The road back from hell? : First Nations, self-government, and the universal goal of child protection in Canada
University of British Columbia
Master of Laws - LLM
The Canadian child welfare system has increasingly found itself under attack for its treatment of First Nations children. The charge is made that it imposes a colonial regime on First Nations families which negates the importance of their cultural identity, and devalues their cultural practices and traditions. Self-government is consistently advanced as the only appropriate response. The question this thesis addresses is whether too much faith is placed in self-government, without sufficient protections for children in the communities. The issue of First Nations child welfare is placed within the wider debates over the need for decolonisation in Canada. It is a premise of this thesis that First Nations hold an inherent right to self-government which demands respect for their sovereign authority in core areas such as child welfare. However, self-government is not a panacea for First Nations communities. The legacy of colonialism continues to manifest itself in the socioeconomic problems prevalent on many reserves/These problems pose a direct challenge to self-governing child welfare agencies and to the safety of the children in their care. This raises the dilemma of how to ensure the fundamental rights of First Nations children are effectively protected, whilst also respecting the 'sovereign' jurisdiction of First Nations communities. The attempts of non-native society to impose controls on First Nations governments, principally through the imposition of the Canadian Charter, are rejected on the basis they continue to perpetuate a colonial philosophy. However, adopting a theory of 'rejuvenated universalism,' and on the basis of a dialogue with three native controlled child welfare agencies in British Columbia, it is argued that agreement on fundamental standards of child welfare could be forged across native and non-native cultures. It is suggested these standards should be guaranteed in a Children's Charter binding all governments in Canada. A Children's Charter which has been developed through fully inclusive cross-cultural dialogue, and which consequently reflects the values of all the various cultures, would provide an essential mechanism for the external evaluation and review of child welfare agencies in Canada, whether native or non-native, according to their own freely accepted values and principles.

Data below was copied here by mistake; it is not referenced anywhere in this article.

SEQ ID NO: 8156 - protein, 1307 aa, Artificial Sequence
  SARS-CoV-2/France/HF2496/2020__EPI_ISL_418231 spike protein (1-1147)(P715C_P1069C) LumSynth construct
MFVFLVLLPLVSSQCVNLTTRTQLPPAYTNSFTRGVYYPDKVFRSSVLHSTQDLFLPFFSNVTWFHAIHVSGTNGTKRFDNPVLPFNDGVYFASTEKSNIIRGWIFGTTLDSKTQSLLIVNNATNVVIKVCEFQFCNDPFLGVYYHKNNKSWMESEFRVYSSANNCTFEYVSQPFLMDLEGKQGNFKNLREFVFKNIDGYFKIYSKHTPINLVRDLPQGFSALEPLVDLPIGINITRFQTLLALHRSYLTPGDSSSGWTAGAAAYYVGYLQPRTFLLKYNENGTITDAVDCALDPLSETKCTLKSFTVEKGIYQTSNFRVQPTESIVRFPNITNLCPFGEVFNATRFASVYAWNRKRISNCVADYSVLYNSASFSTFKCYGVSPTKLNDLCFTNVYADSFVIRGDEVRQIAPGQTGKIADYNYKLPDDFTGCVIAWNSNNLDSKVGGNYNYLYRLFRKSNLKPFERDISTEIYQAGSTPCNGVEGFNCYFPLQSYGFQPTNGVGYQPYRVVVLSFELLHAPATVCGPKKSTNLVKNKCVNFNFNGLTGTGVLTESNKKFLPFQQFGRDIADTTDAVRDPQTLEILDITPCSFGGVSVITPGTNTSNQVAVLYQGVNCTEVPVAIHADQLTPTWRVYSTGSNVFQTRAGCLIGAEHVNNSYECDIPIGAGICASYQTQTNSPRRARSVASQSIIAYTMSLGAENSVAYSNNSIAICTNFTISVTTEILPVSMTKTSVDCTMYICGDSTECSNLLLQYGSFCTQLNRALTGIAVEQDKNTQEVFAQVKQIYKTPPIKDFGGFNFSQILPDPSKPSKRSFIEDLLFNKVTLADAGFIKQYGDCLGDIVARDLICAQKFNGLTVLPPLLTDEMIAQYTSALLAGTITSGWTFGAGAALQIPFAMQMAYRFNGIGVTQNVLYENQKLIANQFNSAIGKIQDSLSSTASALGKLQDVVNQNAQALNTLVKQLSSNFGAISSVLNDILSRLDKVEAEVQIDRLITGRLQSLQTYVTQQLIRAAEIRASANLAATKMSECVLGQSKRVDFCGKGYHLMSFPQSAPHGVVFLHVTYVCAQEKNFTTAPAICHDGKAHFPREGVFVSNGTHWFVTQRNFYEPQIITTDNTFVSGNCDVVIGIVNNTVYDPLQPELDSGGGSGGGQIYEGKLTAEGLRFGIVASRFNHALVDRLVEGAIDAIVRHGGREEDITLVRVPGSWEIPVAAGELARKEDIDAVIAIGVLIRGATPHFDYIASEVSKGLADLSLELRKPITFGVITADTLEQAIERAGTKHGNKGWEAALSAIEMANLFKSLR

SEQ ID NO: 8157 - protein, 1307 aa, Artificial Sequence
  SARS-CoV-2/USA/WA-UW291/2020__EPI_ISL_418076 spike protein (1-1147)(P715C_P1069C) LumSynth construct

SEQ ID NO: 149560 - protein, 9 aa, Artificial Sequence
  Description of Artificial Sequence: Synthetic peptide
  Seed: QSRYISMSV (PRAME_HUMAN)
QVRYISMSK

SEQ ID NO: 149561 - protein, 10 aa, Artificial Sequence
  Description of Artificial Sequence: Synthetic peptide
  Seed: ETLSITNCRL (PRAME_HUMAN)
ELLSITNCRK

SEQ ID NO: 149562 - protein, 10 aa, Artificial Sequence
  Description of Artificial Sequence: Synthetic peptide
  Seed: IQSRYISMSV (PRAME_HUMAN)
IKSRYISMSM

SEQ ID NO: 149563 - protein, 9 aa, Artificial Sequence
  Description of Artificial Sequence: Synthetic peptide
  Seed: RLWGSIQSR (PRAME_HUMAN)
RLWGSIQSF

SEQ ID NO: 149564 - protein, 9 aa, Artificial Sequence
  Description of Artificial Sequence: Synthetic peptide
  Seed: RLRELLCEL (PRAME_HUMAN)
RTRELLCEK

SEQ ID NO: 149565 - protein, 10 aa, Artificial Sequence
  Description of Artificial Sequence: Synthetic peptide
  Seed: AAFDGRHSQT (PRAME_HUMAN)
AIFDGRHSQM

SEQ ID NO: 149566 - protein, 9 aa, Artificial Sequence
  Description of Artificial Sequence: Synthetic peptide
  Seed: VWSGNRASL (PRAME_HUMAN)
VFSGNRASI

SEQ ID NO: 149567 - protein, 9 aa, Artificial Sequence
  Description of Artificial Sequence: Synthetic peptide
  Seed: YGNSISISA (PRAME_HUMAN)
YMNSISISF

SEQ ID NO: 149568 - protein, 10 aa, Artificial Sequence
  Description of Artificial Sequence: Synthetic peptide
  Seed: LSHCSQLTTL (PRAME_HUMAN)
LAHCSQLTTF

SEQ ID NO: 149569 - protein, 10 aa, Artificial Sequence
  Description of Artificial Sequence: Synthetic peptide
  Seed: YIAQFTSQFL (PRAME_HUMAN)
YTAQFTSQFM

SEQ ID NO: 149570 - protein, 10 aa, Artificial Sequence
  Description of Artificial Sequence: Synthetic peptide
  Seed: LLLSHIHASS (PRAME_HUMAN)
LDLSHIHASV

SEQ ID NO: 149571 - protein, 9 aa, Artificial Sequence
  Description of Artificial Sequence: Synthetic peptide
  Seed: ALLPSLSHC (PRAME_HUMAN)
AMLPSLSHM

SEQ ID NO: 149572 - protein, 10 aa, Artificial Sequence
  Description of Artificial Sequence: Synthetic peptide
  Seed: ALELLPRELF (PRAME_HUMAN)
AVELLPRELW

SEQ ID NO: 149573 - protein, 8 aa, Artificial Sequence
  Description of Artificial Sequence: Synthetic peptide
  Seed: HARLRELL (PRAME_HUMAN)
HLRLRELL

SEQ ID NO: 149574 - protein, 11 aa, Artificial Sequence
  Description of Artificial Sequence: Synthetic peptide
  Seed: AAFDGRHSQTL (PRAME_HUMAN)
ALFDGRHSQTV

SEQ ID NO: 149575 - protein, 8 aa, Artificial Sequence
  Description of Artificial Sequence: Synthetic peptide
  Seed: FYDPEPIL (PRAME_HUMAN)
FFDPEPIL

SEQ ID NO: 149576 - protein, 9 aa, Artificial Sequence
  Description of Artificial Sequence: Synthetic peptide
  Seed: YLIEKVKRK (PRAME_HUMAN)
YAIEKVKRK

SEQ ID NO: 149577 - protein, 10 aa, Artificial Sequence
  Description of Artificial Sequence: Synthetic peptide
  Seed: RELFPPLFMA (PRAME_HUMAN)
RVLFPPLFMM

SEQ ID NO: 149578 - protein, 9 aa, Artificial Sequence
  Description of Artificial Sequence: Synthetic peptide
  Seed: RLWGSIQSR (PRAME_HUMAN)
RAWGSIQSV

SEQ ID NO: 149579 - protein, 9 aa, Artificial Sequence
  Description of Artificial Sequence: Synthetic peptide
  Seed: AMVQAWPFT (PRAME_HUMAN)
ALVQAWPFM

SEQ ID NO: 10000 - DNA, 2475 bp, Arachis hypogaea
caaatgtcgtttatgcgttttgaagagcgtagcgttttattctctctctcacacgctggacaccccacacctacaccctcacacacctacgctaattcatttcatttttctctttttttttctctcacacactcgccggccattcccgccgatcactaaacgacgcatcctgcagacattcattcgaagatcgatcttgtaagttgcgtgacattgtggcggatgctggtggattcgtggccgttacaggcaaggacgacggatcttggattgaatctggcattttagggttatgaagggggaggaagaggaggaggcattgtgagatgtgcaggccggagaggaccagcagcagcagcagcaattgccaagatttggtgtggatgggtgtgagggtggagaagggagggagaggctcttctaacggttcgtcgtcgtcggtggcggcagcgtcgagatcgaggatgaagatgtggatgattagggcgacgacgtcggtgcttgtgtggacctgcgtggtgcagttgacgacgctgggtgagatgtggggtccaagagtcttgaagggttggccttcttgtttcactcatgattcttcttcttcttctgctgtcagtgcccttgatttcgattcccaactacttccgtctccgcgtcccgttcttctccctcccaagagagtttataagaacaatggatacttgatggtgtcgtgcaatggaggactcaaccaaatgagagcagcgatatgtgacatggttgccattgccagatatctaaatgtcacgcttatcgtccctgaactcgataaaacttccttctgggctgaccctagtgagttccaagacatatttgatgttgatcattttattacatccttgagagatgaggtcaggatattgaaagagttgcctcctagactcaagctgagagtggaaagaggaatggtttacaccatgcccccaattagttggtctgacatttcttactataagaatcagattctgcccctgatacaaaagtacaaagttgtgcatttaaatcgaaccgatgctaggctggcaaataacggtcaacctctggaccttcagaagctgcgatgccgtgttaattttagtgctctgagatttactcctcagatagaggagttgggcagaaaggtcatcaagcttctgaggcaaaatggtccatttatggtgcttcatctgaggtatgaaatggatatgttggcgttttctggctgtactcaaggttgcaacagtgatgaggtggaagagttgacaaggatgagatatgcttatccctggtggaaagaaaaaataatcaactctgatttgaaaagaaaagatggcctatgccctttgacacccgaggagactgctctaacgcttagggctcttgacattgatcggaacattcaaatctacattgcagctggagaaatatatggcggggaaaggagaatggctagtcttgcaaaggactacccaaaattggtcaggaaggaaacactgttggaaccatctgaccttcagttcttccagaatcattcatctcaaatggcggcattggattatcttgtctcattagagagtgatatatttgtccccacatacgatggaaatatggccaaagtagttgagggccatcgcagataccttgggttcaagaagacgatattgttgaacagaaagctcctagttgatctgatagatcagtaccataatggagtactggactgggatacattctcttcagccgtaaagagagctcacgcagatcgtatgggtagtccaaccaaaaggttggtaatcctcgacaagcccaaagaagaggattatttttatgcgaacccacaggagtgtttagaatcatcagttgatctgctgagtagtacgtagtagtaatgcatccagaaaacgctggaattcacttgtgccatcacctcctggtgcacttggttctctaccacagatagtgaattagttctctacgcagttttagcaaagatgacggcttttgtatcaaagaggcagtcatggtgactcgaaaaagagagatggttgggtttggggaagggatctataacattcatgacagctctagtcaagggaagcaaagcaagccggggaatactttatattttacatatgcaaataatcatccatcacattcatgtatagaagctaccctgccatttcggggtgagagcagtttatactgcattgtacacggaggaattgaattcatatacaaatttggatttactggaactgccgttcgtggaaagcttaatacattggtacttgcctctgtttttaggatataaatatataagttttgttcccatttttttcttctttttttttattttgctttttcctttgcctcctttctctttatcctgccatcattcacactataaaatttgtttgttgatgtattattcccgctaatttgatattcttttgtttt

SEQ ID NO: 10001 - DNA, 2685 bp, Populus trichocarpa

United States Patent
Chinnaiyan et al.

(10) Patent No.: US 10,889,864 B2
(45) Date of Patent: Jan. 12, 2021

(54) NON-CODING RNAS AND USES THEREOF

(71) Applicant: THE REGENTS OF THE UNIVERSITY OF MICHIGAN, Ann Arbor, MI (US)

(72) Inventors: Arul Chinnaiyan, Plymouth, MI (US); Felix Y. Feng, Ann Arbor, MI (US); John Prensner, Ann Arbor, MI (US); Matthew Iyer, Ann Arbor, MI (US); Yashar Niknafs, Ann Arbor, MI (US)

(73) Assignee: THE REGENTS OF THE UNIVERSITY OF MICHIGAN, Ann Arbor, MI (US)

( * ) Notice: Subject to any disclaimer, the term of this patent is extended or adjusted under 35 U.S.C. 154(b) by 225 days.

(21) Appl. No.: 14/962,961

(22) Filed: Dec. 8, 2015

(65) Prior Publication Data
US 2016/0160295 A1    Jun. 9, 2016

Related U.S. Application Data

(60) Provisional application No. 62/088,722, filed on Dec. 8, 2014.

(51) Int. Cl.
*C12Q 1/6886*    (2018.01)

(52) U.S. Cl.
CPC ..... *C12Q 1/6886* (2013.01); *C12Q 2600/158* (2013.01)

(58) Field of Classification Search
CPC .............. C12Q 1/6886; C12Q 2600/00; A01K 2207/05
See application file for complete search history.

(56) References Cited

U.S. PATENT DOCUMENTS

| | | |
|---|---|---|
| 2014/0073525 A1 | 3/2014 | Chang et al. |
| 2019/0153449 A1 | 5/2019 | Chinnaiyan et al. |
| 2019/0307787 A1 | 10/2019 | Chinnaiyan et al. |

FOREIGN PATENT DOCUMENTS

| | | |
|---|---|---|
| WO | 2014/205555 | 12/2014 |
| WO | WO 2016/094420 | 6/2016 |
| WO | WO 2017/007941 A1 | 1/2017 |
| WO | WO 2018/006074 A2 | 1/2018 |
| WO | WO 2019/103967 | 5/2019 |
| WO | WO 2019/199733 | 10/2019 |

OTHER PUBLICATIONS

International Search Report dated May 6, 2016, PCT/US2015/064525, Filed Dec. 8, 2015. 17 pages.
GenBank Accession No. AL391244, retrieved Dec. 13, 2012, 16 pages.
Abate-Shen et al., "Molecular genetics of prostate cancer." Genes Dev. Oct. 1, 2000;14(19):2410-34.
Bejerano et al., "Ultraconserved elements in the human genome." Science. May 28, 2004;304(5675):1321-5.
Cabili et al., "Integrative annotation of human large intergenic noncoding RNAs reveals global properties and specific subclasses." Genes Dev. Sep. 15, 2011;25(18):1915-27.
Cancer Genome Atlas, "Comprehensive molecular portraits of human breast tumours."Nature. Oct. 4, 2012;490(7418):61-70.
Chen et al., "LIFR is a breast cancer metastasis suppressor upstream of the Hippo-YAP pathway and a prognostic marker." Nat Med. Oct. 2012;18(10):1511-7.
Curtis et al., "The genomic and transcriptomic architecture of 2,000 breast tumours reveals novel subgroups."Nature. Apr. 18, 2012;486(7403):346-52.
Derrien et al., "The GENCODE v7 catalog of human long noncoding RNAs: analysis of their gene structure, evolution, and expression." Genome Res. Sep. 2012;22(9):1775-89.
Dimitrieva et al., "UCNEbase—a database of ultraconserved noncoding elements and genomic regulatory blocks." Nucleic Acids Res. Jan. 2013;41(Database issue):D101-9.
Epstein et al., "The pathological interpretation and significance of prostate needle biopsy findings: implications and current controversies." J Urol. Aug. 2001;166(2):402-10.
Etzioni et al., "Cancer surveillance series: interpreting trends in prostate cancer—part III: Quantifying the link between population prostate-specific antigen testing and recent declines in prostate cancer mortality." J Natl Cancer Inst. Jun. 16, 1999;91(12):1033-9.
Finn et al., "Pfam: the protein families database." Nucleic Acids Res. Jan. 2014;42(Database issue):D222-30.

Indians of North America - Canada - Self-government; Indian children - Canada; Child welfare - Canada
Law, Peter A. Allard School of